The practice of our faith is not exclusive to specific sacred places on campus but instead permeates all that we do, entering into our studies and research as well as our service and community-building.
The bell tower serves as a daily reminder that our faith rings in our lives throughout the day. Fittingly, it sits at one of the busiest crossroads on campus where paths to classrooms, residence halls, and the Commons all intersect.
Each bell rings a particular note when struck and was consecrated with the name of a saint.
- Blessed Rev. Basil Moreau, C.S.C. (1408 lbs.) Rings note of G - Gift of Karl Smith
- St. Andre Bessette, C.S.C. (990 lbs.) Rings note of A - Gift of Darlene Shiley
- St. Catherine of Siena (704 lbs.) Rings note of B - Gift of Bill Taylor
- St. Anthony of Padua (579 lbs.) Rings note of C - Gift of Earle M. Chiles
- St. Francis Xavier Cabrini (484 lbs.) Rings note of C# - Gift of Patricia Johnson
- Blessed Junipero Serra (413 lbs.) Rings note of D - Gift of Manuel Macias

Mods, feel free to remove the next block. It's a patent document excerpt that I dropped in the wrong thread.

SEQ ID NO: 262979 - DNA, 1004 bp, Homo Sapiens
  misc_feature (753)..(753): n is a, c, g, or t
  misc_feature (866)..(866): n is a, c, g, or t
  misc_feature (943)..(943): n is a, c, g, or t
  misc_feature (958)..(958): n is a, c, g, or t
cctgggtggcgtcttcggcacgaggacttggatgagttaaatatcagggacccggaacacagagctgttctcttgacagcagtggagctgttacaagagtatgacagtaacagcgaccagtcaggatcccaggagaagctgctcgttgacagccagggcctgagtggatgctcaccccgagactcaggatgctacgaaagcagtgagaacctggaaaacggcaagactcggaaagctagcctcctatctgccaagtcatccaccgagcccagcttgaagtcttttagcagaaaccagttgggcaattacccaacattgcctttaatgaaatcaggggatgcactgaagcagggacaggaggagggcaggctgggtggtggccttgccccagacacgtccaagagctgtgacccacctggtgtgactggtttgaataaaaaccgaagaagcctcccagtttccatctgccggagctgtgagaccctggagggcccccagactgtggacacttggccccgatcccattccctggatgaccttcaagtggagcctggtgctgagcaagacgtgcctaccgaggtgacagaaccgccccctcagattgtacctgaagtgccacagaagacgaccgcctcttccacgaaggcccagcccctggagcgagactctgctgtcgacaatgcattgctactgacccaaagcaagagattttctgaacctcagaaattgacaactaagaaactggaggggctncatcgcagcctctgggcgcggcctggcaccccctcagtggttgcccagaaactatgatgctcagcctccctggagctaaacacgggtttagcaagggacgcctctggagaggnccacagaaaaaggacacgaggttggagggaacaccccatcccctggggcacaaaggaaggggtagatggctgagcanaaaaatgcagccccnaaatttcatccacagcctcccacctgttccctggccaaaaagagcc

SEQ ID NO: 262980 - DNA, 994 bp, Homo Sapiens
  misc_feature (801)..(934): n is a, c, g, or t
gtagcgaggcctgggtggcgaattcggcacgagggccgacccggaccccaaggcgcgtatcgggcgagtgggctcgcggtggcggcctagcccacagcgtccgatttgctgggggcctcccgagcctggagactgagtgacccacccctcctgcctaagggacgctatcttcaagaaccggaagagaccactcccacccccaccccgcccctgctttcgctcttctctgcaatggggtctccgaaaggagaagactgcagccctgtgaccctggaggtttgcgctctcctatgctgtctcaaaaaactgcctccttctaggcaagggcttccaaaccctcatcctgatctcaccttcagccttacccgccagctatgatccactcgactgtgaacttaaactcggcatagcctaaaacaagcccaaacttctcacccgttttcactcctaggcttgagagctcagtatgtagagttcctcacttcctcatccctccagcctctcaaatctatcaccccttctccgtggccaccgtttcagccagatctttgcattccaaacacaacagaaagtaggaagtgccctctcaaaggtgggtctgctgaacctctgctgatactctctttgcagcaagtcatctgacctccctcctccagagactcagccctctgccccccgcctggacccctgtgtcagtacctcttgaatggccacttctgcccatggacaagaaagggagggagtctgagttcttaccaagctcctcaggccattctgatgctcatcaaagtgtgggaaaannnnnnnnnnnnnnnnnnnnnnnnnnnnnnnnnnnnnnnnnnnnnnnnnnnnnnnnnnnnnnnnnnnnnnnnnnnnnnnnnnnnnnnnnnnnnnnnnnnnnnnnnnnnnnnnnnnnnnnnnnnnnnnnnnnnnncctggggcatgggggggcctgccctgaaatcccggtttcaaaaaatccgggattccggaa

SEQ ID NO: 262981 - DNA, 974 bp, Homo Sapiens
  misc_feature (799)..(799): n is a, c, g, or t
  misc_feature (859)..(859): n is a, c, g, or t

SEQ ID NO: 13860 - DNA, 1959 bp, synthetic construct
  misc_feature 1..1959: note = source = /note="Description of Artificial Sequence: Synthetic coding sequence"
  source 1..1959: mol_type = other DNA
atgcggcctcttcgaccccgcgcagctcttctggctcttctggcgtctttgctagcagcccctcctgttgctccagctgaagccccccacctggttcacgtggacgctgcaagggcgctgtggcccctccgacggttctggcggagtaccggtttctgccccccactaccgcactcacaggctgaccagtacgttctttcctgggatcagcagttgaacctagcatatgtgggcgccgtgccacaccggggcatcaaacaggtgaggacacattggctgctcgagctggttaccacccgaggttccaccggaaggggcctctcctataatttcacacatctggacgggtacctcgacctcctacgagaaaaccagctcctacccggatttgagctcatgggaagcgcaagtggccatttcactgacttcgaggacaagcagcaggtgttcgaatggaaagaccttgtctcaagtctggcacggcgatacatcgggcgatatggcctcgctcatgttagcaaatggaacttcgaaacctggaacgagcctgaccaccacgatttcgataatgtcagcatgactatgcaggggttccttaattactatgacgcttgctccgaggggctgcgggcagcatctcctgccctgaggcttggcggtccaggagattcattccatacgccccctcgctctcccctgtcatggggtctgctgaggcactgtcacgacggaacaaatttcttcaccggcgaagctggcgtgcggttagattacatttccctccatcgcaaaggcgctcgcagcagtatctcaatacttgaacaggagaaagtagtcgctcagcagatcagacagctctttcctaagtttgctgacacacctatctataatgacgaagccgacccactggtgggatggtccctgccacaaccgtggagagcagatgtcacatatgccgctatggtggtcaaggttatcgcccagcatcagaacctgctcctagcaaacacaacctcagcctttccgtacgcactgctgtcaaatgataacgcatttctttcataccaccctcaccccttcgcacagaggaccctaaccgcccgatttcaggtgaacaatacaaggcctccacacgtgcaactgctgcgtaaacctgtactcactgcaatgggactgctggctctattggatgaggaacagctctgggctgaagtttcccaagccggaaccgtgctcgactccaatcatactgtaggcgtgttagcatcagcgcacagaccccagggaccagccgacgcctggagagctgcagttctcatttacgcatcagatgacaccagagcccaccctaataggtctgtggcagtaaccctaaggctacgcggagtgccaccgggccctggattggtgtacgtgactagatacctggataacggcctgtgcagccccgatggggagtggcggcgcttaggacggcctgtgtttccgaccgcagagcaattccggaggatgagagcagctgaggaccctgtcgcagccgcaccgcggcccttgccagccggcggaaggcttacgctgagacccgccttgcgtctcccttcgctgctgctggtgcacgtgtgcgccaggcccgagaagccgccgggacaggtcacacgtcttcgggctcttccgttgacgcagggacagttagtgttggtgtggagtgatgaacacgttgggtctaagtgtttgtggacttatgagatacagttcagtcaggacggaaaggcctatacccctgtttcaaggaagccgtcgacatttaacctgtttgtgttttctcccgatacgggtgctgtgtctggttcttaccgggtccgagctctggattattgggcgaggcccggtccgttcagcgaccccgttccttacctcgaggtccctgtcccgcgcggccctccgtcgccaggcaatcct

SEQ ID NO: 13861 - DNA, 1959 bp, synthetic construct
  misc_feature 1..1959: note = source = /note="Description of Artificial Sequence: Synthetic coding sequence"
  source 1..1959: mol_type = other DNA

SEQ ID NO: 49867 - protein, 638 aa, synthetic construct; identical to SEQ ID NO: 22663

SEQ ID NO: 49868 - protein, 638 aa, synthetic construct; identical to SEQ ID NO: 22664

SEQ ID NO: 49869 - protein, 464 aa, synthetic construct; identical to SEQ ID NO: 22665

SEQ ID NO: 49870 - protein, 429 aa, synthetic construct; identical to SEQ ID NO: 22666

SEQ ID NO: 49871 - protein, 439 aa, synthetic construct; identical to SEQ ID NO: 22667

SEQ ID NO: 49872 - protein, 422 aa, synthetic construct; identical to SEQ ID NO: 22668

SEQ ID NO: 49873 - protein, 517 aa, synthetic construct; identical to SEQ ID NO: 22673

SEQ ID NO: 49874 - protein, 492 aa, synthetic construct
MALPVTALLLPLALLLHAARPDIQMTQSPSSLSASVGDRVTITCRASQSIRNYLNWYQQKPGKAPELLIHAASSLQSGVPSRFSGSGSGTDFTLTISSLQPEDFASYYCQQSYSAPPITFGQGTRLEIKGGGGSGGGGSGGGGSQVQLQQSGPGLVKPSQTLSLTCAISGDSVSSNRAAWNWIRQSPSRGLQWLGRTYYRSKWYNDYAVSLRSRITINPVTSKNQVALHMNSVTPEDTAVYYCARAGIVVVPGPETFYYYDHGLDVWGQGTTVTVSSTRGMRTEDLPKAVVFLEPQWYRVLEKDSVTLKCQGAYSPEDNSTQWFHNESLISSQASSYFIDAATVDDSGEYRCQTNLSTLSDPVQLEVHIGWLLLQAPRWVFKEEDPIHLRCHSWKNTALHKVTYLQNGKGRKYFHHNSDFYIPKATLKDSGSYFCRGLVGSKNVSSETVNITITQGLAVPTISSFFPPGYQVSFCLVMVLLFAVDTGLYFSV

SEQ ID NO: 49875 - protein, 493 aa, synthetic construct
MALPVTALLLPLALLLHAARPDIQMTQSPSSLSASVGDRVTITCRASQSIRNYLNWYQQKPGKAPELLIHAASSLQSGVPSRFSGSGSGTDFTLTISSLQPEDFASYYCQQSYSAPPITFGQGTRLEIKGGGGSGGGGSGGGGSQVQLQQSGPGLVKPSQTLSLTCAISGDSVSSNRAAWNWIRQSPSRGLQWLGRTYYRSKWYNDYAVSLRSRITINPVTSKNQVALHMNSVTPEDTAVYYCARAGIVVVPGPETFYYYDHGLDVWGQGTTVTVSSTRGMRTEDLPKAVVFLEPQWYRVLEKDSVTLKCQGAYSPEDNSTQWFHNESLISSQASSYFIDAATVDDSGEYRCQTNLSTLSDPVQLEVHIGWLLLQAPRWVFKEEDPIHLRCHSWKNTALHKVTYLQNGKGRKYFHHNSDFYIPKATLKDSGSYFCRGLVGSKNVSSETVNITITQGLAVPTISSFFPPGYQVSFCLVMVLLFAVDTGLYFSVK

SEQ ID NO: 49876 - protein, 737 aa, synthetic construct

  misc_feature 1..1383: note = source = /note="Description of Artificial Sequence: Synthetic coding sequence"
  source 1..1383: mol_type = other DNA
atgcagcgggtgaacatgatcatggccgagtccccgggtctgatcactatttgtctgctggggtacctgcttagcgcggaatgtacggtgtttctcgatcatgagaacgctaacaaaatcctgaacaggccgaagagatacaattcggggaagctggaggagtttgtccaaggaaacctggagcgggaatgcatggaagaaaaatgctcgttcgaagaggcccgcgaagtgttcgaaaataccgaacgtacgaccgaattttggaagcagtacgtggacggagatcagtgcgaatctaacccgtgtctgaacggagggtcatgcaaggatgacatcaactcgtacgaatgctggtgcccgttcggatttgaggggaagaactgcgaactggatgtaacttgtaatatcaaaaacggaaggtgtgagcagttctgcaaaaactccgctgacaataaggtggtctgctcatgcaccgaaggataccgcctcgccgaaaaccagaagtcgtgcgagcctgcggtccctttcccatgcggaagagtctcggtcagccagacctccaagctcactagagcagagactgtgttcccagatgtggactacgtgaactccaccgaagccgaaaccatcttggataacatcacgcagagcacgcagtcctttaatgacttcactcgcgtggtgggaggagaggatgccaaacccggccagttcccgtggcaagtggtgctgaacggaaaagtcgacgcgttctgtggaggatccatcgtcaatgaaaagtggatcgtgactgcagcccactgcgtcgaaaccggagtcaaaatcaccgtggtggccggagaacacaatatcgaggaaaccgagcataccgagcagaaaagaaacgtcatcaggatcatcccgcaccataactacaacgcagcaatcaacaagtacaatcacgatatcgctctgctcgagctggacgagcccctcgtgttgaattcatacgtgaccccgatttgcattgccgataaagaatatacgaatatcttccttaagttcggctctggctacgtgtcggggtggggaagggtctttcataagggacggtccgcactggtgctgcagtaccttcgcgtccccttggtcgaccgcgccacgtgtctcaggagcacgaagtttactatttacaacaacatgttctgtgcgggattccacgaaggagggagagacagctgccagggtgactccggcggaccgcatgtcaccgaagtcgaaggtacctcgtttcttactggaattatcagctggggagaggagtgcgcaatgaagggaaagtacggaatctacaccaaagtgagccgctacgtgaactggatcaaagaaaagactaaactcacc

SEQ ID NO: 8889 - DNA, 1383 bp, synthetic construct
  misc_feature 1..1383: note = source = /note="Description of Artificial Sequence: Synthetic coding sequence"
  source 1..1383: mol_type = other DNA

- St. Martin de Porres (301 lbs.) Rings note of E - Gift of Dan and Julia Danielson
- St. Albert the Great (258 lbs.) Rings note of F - Gift of Albert and Sue Corrado
- St. Ann (222 lbs.) Rings note of F# - Gift of George Galati
- St. Rita (192 lbs.) Rings note of G - Gift of Tom and Margie Romano
- St. Clotilde (145 lbs.) Rings note of A - Gift of Kathleen Kendall Johnston
- St. Joseph (111 lbs.) Rings note of B - Gift of the Machuca and Echevarria Families
- St. Cecilia (98 lbs.) Rings note of C - Gift of Andy and Nancy Bryant
- St Paul (77 lbs.) Rings note of D - Gift of Carol Herman
The bells call us to respond to God’s constant presence through prayer. One way of cultivating this attentiveness is the Angelus prayer, a long-standing tradition that calls to mind God’s presence in the Incarnation. The Angelus bells ring at noon and at 6:00 p.m., inviting all to pause what they are doing and pray with the entire Body of Christ.
How to pray the Angelus